The new home of Whole Foods Market Lexington is all about community. With 75+ local providers; The Barn Door Tap Room and Restaurant with 32 beers on tap – many local; a large patio for relaxing, having a bite, playing corn hole or listening to live music on the weekends; a variety of tasting events; and the expanded spirits store, Whole Foods has created a culinary destination at The Summit. The store is almost twice the size of the old location, with new and expanded features including a coffee and juice bar opening at 7am; make your own nut butters; Master Butchers and a dry aged beef locker; sustainably raised and harvested seafood; an in-house smoker that can do beets to brisket; hemp pasta; a wood fired pizza oven; bread made with spent grain from Barrel House Distilling; and gluten free products from local bakery Gluten Free Miracles. Fresh herbs, plants and flowers from Wilson Nurseries are also available. Lindsay Bruner, Kentucky Metro Marketing says the company is committed to seeking out the best of the region’s produce and products. An impressive selection of hot and cold ready to eat items, salad and condiments bars, the iron skillet bar, wood-fired pizza, scratch made breads and pastries, an expanded selection of cheeses and the Bottle Shop Wine and Spirits, make picking up dinner is a breeze. Regional Marketing Manager Rachael Wilson emphasizes the Whole Foods commitment to community, not only by supporting local suppliers but by knowing what they sell. Regular events at the store include Randall Tuesdays (Randall is the device that infuses beer with a wide range of flavorings) featuring a unique flavor each week; Friday Night Flights, 5 stations pairing brews with Whole Foods fare; special events and regular samplings.
Lexington’s Whole Foods Market is located at 4059 Finn Way, The Summit at Fritz Farm. Open 8 am–10 pm, 7 days a week. wholefoodsmarket.com/stores/Lexington; 859-971-8600.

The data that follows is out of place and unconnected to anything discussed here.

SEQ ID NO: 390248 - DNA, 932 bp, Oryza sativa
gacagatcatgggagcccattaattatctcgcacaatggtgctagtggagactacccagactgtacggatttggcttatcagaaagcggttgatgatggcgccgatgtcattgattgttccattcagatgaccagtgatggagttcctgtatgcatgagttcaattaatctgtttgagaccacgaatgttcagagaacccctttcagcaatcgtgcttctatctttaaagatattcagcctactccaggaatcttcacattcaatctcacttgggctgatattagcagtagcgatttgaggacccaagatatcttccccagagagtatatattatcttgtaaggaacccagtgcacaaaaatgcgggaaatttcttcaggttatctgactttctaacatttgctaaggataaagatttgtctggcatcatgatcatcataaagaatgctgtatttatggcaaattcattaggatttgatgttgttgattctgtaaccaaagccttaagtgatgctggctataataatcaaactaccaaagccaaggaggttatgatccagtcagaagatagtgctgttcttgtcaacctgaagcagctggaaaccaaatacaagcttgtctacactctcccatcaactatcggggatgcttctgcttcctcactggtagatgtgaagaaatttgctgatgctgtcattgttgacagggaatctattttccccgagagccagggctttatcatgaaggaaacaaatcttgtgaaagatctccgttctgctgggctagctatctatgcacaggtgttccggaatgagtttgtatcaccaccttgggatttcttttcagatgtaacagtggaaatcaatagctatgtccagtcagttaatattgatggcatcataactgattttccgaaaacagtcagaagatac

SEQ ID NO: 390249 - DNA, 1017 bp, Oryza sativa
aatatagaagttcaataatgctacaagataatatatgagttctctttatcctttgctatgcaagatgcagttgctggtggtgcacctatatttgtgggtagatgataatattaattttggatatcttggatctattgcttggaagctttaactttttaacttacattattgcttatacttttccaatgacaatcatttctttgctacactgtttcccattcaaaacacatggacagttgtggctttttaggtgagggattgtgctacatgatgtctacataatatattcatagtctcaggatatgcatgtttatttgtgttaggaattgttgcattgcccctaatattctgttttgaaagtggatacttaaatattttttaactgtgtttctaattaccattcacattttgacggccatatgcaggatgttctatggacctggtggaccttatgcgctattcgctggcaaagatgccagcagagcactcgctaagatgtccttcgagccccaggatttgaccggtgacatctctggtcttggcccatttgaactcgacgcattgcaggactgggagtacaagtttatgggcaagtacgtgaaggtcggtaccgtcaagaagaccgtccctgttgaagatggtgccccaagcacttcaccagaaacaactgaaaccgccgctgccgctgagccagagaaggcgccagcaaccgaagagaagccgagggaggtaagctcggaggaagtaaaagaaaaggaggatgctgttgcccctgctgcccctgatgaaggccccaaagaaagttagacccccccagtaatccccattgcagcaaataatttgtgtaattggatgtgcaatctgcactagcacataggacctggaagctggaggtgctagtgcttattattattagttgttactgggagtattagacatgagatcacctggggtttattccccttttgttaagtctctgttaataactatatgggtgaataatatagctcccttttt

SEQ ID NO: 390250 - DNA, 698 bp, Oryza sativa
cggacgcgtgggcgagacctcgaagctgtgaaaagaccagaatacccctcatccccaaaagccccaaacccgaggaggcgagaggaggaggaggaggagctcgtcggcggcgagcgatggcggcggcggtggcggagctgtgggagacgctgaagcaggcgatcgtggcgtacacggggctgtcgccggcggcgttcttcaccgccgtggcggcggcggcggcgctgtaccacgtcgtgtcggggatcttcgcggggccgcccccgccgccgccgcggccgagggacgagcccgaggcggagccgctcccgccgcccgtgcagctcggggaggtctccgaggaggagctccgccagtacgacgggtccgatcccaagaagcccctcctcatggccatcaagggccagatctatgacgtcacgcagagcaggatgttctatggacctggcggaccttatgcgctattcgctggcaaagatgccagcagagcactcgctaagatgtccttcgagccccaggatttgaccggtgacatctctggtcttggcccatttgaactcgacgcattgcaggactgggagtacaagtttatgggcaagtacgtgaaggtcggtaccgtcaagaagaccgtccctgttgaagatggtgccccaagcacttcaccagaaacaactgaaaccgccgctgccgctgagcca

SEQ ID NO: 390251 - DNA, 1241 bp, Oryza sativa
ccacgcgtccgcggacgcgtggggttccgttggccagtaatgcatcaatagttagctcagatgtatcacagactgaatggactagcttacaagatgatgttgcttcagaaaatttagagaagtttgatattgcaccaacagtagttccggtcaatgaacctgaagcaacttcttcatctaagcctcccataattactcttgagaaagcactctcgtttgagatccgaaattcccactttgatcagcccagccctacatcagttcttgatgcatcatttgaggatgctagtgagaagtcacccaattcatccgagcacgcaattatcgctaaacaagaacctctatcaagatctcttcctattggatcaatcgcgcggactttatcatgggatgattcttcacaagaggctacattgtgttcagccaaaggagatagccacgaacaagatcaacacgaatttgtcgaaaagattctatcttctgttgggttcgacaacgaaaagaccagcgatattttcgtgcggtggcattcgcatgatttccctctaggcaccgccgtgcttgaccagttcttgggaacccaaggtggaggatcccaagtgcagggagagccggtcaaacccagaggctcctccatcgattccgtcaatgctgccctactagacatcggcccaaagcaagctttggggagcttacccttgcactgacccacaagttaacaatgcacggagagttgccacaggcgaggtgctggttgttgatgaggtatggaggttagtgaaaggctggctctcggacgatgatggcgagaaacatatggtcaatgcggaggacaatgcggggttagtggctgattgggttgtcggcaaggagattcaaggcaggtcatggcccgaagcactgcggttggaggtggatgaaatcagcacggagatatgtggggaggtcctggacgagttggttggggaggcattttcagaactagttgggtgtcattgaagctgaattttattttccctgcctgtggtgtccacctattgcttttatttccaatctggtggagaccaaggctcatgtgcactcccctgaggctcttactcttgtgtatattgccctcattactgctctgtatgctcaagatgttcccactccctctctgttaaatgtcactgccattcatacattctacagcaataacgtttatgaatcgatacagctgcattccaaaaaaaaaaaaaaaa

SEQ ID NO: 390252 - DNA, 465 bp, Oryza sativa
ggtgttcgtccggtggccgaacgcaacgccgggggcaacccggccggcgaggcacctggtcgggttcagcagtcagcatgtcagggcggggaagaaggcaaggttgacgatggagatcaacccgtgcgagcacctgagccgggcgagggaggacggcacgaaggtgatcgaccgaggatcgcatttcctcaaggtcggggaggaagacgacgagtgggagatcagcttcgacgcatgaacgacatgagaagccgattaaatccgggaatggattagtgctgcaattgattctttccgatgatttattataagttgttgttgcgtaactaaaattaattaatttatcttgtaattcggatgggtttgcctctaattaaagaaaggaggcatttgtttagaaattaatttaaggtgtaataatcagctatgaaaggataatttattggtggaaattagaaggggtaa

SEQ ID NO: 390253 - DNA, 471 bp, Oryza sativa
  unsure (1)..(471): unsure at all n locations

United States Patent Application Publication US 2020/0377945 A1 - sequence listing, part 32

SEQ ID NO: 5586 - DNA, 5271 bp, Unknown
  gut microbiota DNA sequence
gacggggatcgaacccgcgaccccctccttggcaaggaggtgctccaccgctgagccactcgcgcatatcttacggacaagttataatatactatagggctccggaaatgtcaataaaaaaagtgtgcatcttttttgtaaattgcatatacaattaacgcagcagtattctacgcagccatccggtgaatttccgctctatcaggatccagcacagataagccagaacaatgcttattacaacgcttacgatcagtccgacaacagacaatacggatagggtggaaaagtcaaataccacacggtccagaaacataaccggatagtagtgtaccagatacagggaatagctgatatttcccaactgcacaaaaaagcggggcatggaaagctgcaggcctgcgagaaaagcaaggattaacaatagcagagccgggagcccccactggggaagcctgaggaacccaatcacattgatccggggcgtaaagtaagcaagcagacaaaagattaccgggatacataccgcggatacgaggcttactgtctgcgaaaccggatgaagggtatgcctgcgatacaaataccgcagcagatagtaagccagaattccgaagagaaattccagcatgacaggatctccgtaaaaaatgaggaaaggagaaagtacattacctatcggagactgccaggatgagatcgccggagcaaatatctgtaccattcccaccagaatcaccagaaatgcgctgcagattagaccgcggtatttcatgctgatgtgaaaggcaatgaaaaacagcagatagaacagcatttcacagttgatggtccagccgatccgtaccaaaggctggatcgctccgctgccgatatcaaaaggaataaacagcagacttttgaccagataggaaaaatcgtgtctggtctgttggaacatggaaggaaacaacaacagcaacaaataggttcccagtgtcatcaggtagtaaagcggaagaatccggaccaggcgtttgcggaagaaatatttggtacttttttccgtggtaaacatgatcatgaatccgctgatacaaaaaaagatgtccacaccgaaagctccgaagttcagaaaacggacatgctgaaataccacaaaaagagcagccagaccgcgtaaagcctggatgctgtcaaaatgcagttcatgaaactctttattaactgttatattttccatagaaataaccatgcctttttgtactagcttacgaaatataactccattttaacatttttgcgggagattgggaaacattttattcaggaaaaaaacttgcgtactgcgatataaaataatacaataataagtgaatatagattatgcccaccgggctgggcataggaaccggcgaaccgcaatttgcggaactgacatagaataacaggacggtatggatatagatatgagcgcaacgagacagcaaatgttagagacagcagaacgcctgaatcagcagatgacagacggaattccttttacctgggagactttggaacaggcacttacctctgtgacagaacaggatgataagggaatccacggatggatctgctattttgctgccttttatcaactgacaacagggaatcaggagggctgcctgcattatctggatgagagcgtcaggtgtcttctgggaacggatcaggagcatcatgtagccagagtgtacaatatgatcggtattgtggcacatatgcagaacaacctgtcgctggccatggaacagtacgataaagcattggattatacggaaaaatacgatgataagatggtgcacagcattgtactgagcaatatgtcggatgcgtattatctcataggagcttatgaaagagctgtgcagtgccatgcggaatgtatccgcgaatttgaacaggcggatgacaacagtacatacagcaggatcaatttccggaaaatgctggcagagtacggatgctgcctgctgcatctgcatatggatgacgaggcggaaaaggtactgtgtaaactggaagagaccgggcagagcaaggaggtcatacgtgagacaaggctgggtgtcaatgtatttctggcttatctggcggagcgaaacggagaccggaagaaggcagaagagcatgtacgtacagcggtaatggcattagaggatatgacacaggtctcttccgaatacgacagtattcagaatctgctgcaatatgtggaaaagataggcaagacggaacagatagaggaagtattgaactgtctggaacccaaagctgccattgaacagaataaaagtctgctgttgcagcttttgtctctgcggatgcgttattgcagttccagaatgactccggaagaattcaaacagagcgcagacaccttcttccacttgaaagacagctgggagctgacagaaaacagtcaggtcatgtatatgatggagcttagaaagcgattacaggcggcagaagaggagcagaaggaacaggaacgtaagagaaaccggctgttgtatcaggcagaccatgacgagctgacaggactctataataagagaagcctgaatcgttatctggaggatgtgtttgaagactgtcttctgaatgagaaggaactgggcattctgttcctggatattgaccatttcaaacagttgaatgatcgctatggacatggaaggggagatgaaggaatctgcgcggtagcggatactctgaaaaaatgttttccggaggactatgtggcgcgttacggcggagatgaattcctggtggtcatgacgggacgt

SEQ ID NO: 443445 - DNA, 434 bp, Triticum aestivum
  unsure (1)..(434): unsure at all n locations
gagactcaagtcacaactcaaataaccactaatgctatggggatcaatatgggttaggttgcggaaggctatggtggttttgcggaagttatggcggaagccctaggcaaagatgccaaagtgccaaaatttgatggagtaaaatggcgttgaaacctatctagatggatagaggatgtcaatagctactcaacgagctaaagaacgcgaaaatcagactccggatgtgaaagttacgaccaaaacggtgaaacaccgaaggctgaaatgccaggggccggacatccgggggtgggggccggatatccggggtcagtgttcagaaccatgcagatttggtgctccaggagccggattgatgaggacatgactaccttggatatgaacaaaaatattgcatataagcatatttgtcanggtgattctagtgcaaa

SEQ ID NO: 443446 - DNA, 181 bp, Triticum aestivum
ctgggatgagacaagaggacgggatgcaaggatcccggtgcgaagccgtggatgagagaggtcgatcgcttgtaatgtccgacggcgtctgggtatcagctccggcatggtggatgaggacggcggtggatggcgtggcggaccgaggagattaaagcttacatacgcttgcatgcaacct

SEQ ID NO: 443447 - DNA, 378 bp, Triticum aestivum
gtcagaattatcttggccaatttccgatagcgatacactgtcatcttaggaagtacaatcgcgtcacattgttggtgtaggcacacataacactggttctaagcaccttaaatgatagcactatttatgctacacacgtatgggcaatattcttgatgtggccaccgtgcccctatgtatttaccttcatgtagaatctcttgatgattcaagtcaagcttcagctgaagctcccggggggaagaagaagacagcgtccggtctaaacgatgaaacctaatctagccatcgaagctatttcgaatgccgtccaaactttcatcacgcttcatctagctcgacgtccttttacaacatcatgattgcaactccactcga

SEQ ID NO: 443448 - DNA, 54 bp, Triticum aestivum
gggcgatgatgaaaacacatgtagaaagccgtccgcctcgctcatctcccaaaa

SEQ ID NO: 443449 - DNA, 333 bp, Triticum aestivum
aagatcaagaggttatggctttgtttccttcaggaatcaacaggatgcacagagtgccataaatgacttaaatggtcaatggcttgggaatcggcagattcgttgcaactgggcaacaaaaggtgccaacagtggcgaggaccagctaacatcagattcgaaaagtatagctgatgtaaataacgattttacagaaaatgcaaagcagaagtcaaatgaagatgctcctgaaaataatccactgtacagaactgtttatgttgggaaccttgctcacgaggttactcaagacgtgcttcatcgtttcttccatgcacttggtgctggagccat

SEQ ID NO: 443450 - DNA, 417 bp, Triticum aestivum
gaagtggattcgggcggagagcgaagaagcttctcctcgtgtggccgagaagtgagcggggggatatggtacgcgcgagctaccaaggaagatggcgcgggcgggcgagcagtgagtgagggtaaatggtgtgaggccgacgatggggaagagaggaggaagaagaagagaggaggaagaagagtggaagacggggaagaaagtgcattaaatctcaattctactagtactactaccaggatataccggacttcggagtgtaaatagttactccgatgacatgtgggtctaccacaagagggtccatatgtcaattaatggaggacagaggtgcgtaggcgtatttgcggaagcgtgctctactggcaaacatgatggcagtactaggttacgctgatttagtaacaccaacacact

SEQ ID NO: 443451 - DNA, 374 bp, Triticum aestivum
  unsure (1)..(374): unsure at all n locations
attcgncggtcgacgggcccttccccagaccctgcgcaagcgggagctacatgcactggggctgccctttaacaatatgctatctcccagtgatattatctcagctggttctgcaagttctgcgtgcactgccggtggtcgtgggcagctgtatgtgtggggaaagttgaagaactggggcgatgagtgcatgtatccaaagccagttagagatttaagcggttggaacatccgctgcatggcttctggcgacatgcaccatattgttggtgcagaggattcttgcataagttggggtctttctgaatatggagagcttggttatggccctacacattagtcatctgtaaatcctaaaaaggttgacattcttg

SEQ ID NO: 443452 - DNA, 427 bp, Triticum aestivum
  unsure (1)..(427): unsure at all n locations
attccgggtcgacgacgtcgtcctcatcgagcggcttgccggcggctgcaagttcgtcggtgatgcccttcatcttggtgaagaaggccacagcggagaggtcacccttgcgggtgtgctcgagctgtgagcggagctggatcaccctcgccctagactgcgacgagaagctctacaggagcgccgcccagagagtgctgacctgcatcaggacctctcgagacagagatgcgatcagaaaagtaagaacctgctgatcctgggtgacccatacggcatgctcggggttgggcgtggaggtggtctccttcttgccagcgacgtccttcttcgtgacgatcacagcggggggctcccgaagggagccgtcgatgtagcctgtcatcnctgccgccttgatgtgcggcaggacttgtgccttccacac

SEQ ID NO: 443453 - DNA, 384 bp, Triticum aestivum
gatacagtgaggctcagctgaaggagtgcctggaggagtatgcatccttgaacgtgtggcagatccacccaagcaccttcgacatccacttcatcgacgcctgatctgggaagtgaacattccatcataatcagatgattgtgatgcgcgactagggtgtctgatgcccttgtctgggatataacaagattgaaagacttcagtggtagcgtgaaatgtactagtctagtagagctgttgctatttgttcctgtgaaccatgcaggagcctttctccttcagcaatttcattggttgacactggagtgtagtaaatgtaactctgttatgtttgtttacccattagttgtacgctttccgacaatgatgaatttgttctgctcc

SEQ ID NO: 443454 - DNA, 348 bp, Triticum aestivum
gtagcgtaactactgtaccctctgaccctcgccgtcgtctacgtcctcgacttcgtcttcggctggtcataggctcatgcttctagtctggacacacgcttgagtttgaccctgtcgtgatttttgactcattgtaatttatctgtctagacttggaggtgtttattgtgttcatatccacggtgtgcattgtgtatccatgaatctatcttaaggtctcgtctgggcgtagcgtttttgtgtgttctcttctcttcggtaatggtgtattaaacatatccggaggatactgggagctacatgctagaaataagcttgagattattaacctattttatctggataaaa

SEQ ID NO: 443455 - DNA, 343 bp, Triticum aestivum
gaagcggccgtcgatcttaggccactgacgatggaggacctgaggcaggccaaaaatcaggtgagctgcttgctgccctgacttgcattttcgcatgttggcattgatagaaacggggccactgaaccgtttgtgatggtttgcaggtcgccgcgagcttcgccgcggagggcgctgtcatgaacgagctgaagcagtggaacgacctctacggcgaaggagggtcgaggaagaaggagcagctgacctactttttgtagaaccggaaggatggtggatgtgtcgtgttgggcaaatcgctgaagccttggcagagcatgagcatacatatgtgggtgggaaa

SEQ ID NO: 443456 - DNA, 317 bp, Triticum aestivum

Putting a Freeze(r) on Hunger
In every Kentucky community, urban and rural, there’s a food insecurity problem. To help solve this challenge, agricultural lenders Farm Credit Mid-America and CoBank are providing chest freezers to more than 120 food pantries across the state. The freezers will enable increased donation and distribution of Kentucky-raised beef, pork and poultry as part of Agriculture Commissioner Ryan Quarles’ Hunger Initiative.
One year ago, Commissioner Quarles launched the Kentucky Hunger Initiative, an innovative program that works to identify food solutions for Kentuckians who need it most. Working with the Kentucky Association of Food Banks (KAFB), the Kentucky Department of Agriculture’s Hunger Initiative represents a collaboration of farmers, educators, restaurateurs, food distributors and chefs. One of the snags that the Hunger Initiative and the food banks encountered was the lack of cold storage at food pantries for food requiring refrigeration. “I’m grateful to Farm Credit and CoBank for recognizing this need and investing in this agricultural program,” Quarles said. “We’re really just getting started in the fight against hunger in the state, but they are helping us move the needle.”
“Farm Credit has been a longtime supporter of our Farms to Food Banks program, a program that directs fresh produce to food banks, and has been a wonderful partner in the fight against hunger in Kentucky,” said Tamara Sandberg, Executive Director of the KAFB. “This additional gift is an example of the private sector working with the public sector to make a measureable and meaningful impact in the communities they serve.” Farm Credit Mid-America Senior Vice President Mark Barker said the donation aligns with Farm Credit’s and CoBank’s purpose of securing the future of rural communities and agriculture by investing in the communities where they and their customers live and work. “As agricultural financial services cooperatives, providing the financial resources for farmers to produce healthy and nutritious food ultimately helps achieve our purpose,” he said. “Our nation’s farmers and ranchers are literally feeding the world, yet there are still children in our communities who go hungry,” said Derrick Waggoner, regional vice president for CoBank. “The Kentucky Department of Agriculture and the state’s producers are committed to changing that, and both CoBank and Farm Credit Mid-America are committed to helping.”